Researchers are conducting a groundbreaking new study that may help stroke patients regain greater use of their hands or arms through treatment with electrical stimulation. Preliminary results of the feasibility study that precedes this new study have shown that the use of electrical stimulation, called motor cortex stimulation, may be both safe and effective, according to Robert Levy, M.D., Ph.D., a neurosurgeon at Northwestern Memorial Hospital in Chicago. Dr. Levy presented this feasibility trial data at the Congress of Neurological Surgeons Wednesday in San Francisco.
The trial showed that study participants – stroke survivors suffering impaired hand or arm movement – who underwent physical rehabilitation accompanied by motor cortex stimulation showed greater improvement than participants who received physical rehabilitation alone. Twenty-four subjects participated in the feasibility study, 12 in the electrical stimulation group and 12 in the control group. "Participants in the electrical stimulation group experienced meaningful motor recovery gains," Dr. Levy says.
The study, sponsored by Northstar Neuroscience, Inc., is close to completing the follow-up period. Ongoing and further research is needed to validate these findings. Other sites in the study were the University of Illinois-Chicago, Rush University Medical Center, University of Arizona, Wayne State University, University of Minnesota and Kansas University. "It is our hope that by stimulating the surface of the brain we can permanently reverse paralysis and rekindle patients function, returning them to their normal lifestyle," says Dr. Levy, who is a professor at the Feinberg School of Medicine at Northwestern University and who is leading the study at Northwestern Memorial, which is being conducted in tandem with the Rehabilitation Institute of Chicago. "Unfortunately, when patients have had a stroke, there is not much we can currently offer beyond physical rehabilitation to improve their motor functions."
New study first to predict which oil and gas wells are leaking methane
21.12.2018 | University of Vermont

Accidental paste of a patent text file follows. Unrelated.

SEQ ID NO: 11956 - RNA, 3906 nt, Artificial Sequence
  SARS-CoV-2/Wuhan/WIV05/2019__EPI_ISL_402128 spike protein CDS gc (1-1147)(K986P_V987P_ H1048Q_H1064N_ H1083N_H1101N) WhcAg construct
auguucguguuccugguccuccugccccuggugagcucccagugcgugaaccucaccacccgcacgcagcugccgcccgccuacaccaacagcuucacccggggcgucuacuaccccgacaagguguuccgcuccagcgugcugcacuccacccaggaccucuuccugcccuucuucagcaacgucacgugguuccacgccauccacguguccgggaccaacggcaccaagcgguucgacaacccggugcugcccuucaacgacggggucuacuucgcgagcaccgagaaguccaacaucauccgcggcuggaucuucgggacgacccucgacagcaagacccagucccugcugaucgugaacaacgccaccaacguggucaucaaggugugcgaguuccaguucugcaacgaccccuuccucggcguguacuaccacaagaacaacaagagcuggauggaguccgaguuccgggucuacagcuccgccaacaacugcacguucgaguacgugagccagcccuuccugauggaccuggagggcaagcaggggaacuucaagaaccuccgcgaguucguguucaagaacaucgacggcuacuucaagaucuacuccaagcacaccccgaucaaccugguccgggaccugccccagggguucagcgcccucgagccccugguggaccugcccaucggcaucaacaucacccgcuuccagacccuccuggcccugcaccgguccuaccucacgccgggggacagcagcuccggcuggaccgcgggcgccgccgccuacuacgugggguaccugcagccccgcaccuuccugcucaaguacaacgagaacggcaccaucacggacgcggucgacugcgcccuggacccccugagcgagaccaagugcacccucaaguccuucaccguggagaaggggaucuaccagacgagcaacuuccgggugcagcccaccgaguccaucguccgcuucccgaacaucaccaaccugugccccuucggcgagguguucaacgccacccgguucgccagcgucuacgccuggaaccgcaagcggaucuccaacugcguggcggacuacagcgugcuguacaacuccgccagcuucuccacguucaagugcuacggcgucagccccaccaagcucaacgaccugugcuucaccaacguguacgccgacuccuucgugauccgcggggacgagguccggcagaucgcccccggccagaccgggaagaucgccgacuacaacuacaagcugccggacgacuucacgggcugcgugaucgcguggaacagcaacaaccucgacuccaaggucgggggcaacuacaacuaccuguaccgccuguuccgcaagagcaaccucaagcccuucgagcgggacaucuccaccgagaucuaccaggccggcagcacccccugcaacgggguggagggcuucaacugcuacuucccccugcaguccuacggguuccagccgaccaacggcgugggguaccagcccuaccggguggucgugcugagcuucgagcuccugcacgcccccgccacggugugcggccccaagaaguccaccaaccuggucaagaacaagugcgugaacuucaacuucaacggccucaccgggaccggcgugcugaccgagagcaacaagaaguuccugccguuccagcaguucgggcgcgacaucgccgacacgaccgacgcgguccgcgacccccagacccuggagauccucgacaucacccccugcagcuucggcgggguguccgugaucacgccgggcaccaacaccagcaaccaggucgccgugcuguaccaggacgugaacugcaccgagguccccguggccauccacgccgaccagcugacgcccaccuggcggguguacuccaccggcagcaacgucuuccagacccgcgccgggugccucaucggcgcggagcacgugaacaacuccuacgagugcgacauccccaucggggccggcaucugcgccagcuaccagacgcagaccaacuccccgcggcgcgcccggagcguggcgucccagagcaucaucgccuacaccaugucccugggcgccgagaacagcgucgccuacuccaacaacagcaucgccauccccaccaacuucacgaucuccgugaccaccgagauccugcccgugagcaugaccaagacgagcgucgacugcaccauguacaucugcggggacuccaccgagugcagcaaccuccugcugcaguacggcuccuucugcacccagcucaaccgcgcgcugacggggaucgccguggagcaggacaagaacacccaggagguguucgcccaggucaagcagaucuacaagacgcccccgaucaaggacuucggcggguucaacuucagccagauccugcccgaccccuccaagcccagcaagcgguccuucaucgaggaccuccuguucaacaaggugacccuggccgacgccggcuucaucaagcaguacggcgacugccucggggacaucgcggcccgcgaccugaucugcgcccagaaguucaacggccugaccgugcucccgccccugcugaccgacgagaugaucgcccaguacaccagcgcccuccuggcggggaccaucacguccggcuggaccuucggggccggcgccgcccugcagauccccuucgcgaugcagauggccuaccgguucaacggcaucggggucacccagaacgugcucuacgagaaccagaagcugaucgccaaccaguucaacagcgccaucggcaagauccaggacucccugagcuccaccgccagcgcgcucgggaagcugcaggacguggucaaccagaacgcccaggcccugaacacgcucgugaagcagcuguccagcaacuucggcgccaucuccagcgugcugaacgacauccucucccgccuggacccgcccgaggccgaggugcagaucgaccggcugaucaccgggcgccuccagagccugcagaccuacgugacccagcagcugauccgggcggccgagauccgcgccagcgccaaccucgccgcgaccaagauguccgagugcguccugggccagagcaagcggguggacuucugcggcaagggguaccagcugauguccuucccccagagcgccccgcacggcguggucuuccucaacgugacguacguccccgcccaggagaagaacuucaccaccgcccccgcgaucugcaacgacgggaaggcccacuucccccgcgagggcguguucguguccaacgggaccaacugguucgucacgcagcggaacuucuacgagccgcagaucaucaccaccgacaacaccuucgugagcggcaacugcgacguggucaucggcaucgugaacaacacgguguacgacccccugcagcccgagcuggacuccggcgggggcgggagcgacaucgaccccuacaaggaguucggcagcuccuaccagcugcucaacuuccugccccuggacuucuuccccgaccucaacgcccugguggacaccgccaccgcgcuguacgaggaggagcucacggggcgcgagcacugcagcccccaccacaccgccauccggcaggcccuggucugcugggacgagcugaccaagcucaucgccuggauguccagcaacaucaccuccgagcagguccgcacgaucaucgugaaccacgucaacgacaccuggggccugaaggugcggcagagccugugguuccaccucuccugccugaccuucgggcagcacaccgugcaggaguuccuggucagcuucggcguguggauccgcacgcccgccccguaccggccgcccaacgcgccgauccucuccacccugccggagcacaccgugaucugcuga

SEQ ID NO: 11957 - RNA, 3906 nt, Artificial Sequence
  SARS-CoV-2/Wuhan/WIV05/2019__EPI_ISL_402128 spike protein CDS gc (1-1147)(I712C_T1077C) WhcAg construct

Droughts boost emissions as hydropower dries up
21.12.2018 | Stanford's School of Earth, Energy & Environmental Sciences
World first experiments on sensor that may revolutionise everything from medical devices to unmanned vehicles
The new sensor - capable of detecting vibrations of living cells - may revolutionise everything from medical devices to unmanned vehicles.
Dead and alive at the same time? Researchers at the Max Planck Institute of Quantum Optics have implemented Erwin Schrödinger’s paradoxical gedanken experiment employing an entangled atom-light state.
In 1935 Erwin Schrödinger formulated a thought experiment designed to capture the paradoxical nature of quantum physics. The crucial element of this gedanken...
Cellulose obtained from wood has amazing material properties. Empa researchers are now equipping the biodegradable material with additional functionalities to produce implants for cartilage diseases using 3D printing.
It all starts with an ear. Empa researcher Michael Hausmann removes the object shaped like a human ear from the 3D printer and explains:
The phenomenon of so-called superlubricity is known, but so far the explanation at the atomic level has been missing: for example, how does extremely low friction occur in bearings? Researchers from the Fraunhofer Institutes IWM and IWS jointly deciphered a universal mechanism of superlubricity for certain diamond-like carbon layers in combination with organic lubricants. Based on this knowledge, it is now possible to formulate design rules for supra lubricating layer-lubricant combinations. The results are presented in an article in Nature Communications, volume 10.
One of the most important prerequisites for sustainable and environmentally friendly mobility is minimizing friction. Research and industry have been dedicated...
Just in time for Christmas, a Mars-analogue mission in Morocco, coordinated by the Robotics Innovation Center of the German Research Center for Artificial Intelligence (DFKI) as part of the SRC project FACILITATORS, has been successfully completed. SRC, the Strategic Research Cluster on Space Robotics Technologies, is a program of the European Union to support research and development in space technologies. From mid-November to mid-December 2018, a team of more than 30 scientists from 11 countries tested technologies for future exploration of Mars and Moon in the desert of the Maghreb state.
Close to the border with Algeria, the Erfoud region in Morocco – known to tourists for its impressive sand dunes – offered ideal conditions for the four-week...
16.01.2019 | Event News
14.01.2019 | Event News
12.12.2018 | Event News
17.01.2019 | Materials Sciences
17.01.2019 | Information Technology
17.01.2019 | Physics and Astronomy